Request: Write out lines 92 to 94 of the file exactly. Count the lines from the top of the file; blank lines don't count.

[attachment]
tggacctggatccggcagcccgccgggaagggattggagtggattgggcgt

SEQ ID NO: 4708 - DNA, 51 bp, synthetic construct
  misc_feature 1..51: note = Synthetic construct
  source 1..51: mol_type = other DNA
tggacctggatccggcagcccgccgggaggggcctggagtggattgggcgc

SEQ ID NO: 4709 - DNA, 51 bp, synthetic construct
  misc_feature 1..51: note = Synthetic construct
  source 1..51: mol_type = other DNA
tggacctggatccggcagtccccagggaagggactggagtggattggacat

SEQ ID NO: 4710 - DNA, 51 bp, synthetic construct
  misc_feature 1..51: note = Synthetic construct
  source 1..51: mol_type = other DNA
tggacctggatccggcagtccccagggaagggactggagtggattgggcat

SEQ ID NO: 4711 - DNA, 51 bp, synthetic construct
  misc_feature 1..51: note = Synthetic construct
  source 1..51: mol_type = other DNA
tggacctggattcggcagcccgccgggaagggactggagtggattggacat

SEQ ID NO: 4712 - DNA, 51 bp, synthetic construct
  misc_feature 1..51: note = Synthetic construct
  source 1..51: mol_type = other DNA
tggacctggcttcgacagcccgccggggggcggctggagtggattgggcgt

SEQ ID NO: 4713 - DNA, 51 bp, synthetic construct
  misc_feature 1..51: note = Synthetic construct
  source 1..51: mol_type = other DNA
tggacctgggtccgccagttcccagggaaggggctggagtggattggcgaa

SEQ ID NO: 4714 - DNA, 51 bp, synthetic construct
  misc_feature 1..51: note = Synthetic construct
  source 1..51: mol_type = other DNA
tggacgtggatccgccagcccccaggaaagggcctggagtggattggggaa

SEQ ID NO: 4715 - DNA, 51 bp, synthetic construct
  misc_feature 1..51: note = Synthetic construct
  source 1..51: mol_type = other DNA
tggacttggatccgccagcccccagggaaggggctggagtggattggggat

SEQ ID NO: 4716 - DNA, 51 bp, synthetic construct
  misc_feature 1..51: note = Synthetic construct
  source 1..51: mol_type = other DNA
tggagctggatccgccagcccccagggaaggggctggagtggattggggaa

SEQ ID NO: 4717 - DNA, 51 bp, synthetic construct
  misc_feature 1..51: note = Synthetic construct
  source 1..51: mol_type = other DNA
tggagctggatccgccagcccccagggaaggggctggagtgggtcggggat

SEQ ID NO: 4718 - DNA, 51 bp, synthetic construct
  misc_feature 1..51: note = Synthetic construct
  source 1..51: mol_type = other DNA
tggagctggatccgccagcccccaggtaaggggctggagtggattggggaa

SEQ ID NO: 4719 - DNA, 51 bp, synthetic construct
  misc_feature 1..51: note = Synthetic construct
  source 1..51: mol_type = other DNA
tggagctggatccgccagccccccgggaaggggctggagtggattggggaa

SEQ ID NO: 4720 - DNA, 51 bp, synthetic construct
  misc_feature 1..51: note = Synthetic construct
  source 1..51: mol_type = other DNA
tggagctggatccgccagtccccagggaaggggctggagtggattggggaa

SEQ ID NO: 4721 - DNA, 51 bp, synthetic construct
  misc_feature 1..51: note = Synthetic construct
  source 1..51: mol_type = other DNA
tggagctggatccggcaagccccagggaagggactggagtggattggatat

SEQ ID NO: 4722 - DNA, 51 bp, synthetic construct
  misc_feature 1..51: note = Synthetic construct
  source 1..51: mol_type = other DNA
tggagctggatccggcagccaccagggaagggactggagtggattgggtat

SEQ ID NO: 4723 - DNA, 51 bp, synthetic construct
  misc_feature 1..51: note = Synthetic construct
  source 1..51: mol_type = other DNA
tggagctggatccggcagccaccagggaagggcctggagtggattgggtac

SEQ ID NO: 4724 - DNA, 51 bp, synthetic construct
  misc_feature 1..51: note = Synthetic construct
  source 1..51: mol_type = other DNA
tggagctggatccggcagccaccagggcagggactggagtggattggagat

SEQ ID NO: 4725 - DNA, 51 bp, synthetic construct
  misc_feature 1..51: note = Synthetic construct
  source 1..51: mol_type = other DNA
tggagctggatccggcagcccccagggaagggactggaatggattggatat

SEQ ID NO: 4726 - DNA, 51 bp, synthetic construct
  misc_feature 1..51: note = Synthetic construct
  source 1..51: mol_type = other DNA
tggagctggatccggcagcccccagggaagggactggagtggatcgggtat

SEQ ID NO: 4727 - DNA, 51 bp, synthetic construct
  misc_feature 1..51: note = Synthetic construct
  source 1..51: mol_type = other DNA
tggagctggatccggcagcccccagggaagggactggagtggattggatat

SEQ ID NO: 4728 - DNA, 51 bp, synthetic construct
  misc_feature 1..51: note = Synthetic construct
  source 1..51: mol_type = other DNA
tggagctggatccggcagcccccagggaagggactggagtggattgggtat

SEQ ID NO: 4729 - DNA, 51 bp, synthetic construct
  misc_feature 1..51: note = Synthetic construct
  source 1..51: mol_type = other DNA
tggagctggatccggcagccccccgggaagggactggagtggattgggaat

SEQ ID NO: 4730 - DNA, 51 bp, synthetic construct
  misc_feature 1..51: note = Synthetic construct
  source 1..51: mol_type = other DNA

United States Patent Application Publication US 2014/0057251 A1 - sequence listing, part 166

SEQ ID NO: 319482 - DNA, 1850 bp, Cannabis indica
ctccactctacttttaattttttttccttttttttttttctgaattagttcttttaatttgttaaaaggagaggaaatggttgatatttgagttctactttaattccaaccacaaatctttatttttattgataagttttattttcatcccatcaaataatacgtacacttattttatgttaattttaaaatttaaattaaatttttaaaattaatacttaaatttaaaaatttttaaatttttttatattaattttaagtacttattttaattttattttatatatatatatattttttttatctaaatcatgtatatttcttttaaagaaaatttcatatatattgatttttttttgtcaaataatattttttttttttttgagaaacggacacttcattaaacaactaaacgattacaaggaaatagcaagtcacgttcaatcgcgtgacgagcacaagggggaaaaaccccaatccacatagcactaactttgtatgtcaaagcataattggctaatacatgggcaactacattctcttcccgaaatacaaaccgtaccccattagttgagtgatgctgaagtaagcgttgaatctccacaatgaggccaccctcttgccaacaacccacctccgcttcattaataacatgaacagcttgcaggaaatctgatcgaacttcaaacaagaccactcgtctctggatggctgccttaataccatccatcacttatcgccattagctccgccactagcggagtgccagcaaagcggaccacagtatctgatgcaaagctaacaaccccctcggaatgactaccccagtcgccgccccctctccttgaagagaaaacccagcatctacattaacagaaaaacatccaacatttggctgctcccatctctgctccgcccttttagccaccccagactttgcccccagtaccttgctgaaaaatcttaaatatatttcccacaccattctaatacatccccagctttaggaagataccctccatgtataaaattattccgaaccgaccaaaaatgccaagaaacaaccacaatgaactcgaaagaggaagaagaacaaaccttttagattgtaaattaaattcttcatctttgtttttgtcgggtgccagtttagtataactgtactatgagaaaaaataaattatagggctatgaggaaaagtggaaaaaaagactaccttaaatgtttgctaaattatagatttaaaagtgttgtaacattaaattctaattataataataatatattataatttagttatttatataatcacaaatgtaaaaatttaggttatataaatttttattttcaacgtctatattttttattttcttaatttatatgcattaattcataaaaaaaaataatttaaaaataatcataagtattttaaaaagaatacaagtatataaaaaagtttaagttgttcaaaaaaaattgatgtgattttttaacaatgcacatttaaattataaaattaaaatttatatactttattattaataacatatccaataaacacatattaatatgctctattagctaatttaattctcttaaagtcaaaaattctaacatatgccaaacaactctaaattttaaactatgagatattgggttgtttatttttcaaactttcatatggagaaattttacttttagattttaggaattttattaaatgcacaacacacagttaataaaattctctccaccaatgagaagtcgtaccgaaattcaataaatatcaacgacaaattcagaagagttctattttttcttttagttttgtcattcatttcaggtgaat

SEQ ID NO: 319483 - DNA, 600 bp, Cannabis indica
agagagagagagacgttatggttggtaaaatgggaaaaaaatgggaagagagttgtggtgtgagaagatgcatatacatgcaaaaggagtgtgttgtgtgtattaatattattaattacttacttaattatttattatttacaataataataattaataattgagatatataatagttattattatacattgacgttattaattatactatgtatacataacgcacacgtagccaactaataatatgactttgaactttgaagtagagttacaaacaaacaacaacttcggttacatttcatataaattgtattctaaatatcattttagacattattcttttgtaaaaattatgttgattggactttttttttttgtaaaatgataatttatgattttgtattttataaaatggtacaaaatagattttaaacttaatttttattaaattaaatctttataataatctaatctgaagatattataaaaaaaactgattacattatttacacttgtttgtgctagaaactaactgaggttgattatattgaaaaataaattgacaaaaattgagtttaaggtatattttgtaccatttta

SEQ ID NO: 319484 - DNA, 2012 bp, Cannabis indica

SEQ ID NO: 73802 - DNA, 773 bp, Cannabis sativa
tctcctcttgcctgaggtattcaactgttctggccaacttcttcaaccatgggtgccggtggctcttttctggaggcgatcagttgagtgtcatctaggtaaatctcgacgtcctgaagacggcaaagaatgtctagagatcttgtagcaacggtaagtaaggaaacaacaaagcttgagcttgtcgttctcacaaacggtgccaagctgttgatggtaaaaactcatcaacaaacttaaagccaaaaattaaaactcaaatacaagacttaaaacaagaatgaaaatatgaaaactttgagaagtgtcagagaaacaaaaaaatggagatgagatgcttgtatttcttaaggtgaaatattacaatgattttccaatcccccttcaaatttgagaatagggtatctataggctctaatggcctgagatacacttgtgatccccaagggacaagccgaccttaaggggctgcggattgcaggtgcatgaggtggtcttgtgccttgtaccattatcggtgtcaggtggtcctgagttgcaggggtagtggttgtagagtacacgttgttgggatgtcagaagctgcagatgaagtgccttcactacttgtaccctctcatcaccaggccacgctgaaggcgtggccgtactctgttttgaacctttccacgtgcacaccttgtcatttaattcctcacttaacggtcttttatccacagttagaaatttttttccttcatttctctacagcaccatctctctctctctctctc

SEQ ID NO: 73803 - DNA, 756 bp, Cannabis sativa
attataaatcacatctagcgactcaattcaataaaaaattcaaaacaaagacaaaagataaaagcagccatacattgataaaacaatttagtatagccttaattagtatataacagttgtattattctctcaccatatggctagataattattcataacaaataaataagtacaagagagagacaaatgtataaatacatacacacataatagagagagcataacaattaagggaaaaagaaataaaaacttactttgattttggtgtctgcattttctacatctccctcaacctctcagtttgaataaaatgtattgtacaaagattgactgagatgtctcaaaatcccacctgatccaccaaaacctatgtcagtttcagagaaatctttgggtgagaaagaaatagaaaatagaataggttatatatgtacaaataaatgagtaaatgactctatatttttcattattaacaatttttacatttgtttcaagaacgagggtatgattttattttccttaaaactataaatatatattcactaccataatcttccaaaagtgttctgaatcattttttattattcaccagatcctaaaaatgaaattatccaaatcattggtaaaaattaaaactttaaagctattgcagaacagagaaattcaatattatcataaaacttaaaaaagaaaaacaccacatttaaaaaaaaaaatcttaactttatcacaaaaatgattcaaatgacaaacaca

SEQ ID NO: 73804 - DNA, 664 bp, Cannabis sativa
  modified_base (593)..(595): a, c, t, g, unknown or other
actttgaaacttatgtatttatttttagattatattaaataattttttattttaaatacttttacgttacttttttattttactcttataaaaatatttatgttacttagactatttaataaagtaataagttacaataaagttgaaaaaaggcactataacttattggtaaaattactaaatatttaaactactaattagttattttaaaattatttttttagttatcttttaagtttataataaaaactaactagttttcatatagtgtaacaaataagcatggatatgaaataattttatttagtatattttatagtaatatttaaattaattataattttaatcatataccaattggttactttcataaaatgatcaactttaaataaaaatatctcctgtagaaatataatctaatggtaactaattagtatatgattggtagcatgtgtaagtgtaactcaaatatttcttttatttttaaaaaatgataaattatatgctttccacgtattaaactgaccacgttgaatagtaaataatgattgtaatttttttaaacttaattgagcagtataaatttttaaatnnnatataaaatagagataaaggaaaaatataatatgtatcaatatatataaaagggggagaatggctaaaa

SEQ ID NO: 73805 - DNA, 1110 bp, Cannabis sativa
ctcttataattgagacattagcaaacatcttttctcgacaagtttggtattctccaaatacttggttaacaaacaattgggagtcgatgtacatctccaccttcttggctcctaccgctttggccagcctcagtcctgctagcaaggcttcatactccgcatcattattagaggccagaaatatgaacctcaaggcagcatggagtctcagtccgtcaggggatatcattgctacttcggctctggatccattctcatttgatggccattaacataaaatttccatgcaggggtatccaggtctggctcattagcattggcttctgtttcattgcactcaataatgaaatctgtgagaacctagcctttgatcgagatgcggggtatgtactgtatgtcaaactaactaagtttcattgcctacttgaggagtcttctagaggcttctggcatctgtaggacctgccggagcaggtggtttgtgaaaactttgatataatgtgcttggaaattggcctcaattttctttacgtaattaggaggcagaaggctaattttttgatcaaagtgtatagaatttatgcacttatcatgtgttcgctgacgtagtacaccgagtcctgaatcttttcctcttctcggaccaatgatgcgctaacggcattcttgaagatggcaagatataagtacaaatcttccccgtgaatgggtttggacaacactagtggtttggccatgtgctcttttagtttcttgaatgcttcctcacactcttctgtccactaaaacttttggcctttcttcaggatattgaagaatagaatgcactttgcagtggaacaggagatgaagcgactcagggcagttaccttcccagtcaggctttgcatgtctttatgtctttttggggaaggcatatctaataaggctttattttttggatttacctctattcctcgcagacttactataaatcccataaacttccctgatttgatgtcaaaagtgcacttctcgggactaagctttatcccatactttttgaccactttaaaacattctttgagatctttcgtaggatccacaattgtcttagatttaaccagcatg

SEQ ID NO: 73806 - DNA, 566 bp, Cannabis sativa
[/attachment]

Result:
  source 1..51: mol_type = other DNA

United States Patent Application Publication US 2014/0057251 A1 - sequence listing, part 166

SEQ ID NO: 319482 - DNA, 1850 bp, Cannabis indica